Saturday, September 24, 2022

Peru Day 3: Ollantaytambo, Yanahuara Farm, Urubamba, and Pisac


Visiting the ruins in Ollantaytambo.

Lots of stairs today.

This place was an Incan agricultural and military center.

View from up top. Check out the big stone blocks, lying where they fell. And the Water Temple and ceremonial fountains in the back, off to the left there.

A view of the opposite mountain.

You can tell by the stone that we're entering a more important location at Ollantaytambo.

A beveled doorway that used to lead up to the Sun Temple.

Entering the Ten Niches.

This is where sacred Incan statues were probably displayed.

Through the doorway up to the Temple of the Sun.

A collection of chiseled stone blocks, either for construction left unfinished or from the destruction of the building.

Worn down stone carvings in the Temple of the Sun.

Ollantaytambo is laid out in the shape of a llama with the Sun Temple as the eye.

Looking out at the farmland down below.

And housing.

A majestic view.

Going back downstairs was easier than going up.

The lower terrace is still being used for farming.

Entering the ceremonial fountain area.

Inside the Water Temple.

Ernesto talking to us about the Incan temples and ceremonial water purifications.

We explored through the shops just outside the ruins.

It has been hot and I needed a hat so I grabbed this one.

Transporting back in time to the time of the Incas with this gentleman.

On our way out we saw this lady with her fancy hat and yarn work.

As we drove we stopped to check out these silver buildings hanging off the face of the mountain.

Jeni said she wouldn't want to sleep up there.

Got a picture with this cute kid, dressed up in his Peruvian clothes.

Here we arrive at Valentin's place in Yanahuara to see the farm and have a cooking lesson. I put on my new poncho and hat for this stop.

We followed the stream down past a few houses on our way.

Saying hi to this sheep.

And hi to this donkey.

The stream can be diverted for irrigation with these doors.

Valentin is building another school here for this area, which is where he lives and grew up. 

This will be an elementary school complete with internet and technology for English learning.

Meeting up with our chef, Roger down at Valentin's farm.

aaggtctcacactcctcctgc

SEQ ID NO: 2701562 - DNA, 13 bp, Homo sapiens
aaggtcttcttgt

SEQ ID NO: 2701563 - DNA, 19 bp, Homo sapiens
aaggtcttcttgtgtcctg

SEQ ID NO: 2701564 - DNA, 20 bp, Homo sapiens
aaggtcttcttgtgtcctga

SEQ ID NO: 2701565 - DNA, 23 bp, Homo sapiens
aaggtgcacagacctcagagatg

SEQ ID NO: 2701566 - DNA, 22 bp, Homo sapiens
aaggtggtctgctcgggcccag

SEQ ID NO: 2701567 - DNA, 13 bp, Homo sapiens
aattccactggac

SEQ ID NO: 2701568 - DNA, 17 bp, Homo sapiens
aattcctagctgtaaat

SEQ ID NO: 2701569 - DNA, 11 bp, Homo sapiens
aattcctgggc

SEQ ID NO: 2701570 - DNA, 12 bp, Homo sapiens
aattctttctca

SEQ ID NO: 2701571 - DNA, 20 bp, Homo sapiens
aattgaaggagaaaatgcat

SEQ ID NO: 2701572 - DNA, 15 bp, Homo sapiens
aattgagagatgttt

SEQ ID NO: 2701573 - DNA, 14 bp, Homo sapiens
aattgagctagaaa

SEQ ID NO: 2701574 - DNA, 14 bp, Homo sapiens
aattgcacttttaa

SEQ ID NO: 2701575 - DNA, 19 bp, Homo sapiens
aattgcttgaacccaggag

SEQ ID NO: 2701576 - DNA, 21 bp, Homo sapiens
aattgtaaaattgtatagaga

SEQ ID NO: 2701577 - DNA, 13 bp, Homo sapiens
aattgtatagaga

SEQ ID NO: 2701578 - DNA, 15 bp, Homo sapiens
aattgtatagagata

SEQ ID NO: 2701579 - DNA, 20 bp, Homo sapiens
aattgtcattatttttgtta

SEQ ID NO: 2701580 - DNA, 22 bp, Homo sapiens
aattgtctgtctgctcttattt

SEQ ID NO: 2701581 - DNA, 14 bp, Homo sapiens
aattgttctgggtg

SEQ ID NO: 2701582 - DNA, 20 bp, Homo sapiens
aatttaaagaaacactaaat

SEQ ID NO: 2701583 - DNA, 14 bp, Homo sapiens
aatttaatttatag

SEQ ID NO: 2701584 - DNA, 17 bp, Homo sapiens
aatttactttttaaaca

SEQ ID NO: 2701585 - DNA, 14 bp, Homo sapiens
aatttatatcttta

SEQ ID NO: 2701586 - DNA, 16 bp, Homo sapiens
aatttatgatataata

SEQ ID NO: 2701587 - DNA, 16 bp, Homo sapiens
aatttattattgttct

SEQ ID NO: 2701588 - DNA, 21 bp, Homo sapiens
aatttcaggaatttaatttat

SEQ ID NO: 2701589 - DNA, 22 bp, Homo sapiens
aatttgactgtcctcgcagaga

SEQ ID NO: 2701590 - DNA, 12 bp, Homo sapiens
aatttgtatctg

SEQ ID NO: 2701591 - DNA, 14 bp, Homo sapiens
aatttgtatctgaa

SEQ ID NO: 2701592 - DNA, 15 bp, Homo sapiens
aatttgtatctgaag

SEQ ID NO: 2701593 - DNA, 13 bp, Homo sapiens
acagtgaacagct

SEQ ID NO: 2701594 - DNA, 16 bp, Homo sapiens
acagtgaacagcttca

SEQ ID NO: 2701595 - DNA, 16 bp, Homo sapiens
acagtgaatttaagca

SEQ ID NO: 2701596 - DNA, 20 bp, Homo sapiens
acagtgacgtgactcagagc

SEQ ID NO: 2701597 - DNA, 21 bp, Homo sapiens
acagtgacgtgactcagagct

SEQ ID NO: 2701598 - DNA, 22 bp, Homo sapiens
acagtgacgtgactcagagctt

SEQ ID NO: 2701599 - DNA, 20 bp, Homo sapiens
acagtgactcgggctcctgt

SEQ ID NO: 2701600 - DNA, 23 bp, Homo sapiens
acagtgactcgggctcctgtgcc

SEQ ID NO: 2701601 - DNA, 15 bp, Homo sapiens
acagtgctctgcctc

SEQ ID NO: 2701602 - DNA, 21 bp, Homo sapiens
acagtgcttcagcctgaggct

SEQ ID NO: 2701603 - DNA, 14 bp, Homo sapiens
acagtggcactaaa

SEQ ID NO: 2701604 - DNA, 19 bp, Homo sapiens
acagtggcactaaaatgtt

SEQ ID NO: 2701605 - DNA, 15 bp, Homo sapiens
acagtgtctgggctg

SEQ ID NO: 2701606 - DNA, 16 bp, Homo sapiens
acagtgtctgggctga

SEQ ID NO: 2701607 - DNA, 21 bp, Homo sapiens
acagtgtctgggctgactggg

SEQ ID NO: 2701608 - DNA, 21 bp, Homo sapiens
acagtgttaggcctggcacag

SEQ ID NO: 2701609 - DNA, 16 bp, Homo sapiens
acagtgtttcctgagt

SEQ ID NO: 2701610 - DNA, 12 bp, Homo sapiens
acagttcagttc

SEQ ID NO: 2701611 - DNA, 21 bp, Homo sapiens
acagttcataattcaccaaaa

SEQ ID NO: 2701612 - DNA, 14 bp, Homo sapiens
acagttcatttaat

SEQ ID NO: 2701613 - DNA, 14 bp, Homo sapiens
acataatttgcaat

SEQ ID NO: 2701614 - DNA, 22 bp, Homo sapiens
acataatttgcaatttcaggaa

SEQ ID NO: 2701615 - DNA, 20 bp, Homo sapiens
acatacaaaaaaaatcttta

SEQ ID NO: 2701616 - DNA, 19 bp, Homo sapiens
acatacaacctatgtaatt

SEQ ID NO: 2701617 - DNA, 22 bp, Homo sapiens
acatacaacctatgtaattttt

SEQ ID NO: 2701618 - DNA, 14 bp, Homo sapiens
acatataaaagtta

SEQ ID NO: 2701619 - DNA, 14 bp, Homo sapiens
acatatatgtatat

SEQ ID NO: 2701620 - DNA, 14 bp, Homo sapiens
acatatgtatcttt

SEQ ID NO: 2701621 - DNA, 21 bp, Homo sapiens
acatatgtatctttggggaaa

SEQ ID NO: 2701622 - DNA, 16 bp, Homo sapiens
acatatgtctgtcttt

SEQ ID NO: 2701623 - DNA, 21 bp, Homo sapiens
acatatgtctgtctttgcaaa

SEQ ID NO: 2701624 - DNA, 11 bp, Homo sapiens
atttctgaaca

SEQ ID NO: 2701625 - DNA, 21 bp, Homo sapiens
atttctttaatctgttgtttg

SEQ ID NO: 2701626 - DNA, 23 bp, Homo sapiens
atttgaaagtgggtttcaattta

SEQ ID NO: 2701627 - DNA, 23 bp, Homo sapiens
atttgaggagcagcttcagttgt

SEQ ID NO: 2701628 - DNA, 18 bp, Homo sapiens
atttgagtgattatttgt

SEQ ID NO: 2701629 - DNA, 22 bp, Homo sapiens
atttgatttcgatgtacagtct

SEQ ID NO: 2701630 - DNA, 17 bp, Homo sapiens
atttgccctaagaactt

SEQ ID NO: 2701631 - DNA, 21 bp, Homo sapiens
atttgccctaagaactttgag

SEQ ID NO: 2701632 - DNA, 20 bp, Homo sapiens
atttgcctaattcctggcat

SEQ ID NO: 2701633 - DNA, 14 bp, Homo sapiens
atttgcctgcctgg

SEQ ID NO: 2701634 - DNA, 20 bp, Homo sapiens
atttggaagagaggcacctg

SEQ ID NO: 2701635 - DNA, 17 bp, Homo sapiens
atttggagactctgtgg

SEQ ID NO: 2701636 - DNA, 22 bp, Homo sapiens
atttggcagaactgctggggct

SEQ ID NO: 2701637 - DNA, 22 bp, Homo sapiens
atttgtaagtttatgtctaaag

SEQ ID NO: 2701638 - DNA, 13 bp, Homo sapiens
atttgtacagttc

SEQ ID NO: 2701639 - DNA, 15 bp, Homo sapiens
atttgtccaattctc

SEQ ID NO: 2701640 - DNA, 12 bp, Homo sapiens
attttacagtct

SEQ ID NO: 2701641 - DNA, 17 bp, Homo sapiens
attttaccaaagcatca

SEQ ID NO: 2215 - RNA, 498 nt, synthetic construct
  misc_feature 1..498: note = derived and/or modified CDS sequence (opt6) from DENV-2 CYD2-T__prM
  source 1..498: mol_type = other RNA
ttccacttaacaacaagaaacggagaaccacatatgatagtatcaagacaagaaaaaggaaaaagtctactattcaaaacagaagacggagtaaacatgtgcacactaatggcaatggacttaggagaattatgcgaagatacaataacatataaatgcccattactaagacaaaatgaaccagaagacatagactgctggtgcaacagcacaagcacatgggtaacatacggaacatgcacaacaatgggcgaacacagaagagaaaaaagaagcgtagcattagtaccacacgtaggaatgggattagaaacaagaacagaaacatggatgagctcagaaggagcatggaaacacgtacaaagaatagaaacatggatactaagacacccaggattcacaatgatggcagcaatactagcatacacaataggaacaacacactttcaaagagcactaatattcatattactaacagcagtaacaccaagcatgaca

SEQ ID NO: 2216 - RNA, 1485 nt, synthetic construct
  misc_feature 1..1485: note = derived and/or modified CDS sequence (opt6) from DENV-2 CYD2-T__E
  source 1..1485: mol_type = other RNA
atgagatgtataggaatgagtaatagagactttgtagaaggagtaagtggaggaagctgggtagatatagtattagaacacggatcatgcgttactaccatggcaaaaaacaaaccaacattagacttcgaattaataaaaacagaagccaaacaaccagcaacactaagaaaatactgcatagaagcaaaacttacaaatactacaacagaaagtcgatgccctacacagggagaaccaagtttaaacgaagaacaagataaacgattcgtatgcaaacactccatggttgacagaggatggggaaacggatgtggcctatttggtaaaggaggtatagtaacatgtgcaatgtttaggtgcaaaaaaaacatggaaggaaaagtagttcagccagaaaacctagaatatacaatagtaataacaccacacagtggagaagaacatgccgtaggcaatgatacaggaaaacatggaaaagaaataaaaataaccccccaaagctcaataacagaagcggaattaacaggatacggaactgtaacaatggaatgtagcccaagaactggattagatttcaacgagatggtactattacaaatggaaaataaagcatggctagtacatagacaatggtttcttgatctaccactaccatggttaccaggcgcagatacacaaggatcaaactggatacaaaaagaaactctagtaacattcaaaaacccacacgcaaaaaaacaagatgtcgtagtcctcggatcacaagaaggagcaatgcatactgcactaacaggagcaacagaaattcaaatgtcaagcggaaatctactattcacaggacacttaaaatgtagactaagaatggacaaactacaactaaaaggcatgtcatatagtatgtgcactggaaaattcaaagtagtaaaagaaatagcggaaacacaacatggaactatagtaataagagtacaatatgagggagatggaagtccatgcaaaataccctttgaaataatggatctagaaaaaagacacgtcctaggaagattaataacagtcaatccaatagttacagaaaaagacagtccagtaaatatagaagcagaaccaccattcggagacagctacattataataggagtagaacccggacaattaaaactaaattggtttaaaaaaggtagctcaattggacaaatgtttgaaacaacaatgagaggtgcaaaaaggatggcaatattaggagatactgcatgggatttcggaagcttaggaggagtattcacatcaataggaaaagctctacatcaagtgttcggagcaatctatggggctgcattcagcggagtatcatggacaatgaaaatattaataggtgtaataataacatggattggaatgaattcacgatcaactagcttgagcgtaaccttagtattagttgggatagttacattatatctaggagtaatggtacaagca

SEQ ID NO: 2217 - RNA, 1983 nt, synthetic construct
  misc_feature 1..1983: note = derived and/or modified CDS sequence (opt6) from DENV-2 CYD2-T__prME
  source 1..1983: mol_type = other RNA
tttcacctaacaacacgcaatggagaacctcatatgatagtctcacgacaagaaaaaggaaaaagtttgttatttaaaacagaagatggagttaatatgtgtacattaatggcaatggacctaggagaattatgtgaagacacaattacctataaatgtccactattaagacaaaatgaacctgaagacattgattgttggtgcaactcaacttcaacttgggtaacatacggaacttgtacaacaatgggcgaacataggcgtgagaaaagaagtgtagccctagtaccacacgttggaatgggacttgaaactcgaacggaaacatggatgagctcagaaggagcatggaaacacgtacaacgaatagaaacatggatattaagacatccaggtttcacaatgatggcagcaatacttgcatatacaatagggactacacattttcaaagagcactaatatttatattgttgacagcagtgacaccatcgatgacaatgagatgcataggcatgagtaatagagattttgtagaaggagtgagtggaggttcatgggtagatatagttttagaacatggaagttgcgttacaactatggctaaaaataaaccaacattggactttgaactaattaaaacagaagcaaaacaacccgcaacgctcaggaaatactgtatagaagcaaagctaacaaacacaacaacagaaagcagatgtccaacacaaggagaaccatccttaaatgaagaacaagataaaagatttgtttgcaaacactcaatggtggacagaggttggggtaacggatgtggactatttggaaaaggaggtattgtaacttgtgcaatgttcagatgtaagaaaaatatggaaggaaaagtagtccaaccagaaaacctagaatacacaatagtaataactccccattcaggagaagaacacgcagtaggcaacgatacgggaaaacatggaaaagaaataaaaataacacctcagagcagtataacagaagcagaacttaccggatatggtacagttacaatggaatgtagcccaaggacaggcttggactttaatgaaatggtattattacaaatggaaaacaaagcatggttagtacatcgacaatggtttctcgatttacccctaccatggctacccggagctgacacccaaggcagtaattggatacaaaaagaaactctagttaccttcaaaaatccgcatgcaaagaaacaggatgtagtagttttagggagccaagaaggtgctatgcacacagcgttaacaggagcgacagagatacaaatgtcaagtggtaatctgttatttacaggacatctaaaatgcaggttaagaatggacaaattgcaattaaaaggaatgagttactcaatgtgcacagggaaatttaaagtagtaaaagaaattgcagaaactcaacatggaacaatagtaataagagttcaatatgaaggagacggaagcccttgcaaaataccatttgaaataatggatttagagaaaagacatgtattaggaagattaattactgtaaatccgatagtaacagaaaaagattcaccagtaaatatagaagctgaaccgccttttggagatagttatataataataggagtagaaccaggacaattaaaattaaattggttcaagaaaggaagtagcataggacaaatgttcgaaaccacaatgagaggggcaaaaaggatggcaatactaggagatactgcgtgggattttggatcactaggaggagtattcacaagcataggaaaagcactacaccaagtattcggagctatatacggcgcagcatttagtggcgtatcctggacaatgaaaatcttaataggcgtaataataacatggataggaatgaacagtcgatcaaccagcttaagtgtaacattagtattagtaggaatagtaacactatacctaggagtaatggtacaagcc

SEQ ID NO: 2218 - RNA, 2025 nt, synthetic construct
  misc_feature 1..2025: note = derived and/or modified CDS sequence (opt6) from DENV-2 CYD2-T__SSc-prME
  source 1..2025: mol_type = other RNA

At Roger's direction we picked the ingredients needed for today's cooking class, like this broccoli.


Their tomatoes grow on trees, and the lighter-red color means they're ripe.

Old fashioned mortar and pestle outside the kitchen. The alfalfa is for the guinea pigs.

We changed into our chef coats, ready to begin.

This kitchen is Valentin's parents', where he grew up.

And here's the wood-fired clay stove we're cooking on. We have some breaded trout cooking right now and I'll share recipes (as best I was able to jot down) for Pico de Gallo, Mango Ceviche, and Quinoa Soup.

Pico de Gallo
rocoto chili
Peruvian cilantro
lime, squeezed

Mango Ceviche
1 mango, cut into cubes
1 aji limo chili, diced
1 piece garlic, diced
1 tbsp grated ginger, squeezed & just the juice added
1 sm bunch of Peruvian cilantro, diced
1 tsp salt
1 sm red onion, sliced long & thin
dash of pepper
1 tbsp milk

Quinoa Soup
1 sm tomato, chopped
2 garlic, chopped
3 slices ginger, diced
1/4 red onion, sliced
1 tbsp oil
combine all to simmer in pot

beef, chopped into chunks & seared in pot
1 tbsp salt

10 hava beans(?), peeled
1/2 lb pumpkin, cubed
1 golden potato, cubed
3 sm potato, quartered
10 pea pods
1 med carrot, chopped
rinse then add to pot

add 1 cup cooked quinoa & 2 quarts water
bring to boil

1 bunch cilantro, diced
1 bunch quinoa leaves
1 tsp milk
add to pot, then serve

The mango ceviche was added to today's menu as a special request because we loved it so much the other day when we ate with the school kids.

This was so delicious!

Our tour certainly has had some special outings that just made it stand out from the others.

Thanks Roger! Time for us to head out to our next stop.

Dishes are washed here in the stream.

We visited the market in Urubamba. Here is a stall selling many different kinds of potatoes.

So many different potatoes! And to think, Peru has 4,000 different kinds of potatoes.

Local families sell all kinds of produce from their farms.


A variety of different beans.

Yellow potato, all sliced up.

Here's a family doing their shopping.

Black corn is used not only to cook and eat as food but also made into a Peruvian beer called chicha.

The butcher stalls were against the back of the market.

About another hour from the market we arrived at the ruins in Pisac.

This was a big agricultural center for the Incas, with so many terraced hills for growing crops.

View of the Incan ruins.

Great views of the valley from up here.

Outside this weaving coop there was this great model of a church.

Traditional pottery on display.

There are still Peruvians who follow the old Incan religion and sacrifice animals on special occasions.

In these sacrificial ceremonies black guinea pigs are used.

Outside the shop are various kinds of llamas, alpacas, guanacos, and vicuñas.

We grabbed some long grass and fed some llamas.

Ernesto was telling us about the differences between the llamas and alpacas.

Chaco llamas are the wooly llamas.

Kara llamas are short wool llamas.

Huacaya alpacas are the cute, fluffy alpacas.

Zuri (or suri) alpacas have these coiled dreadlocks.

Guanacos are smaller than llamas and are the wild cousins of the domesticated llamas.

While alpaca wool is very soft and expensive, vicuña wool is even more luxurious and soft.

And that concludes our 3-day tour with Valentin's Pachamama Journeys. We went to our hotel in Cusco and had a nice dinner nearby.

I wanted to try the local specialty of cuy (guinea pig). It wasn't my favorite; it was pretty gamey and greasy, actually. But I'm glad I tried it!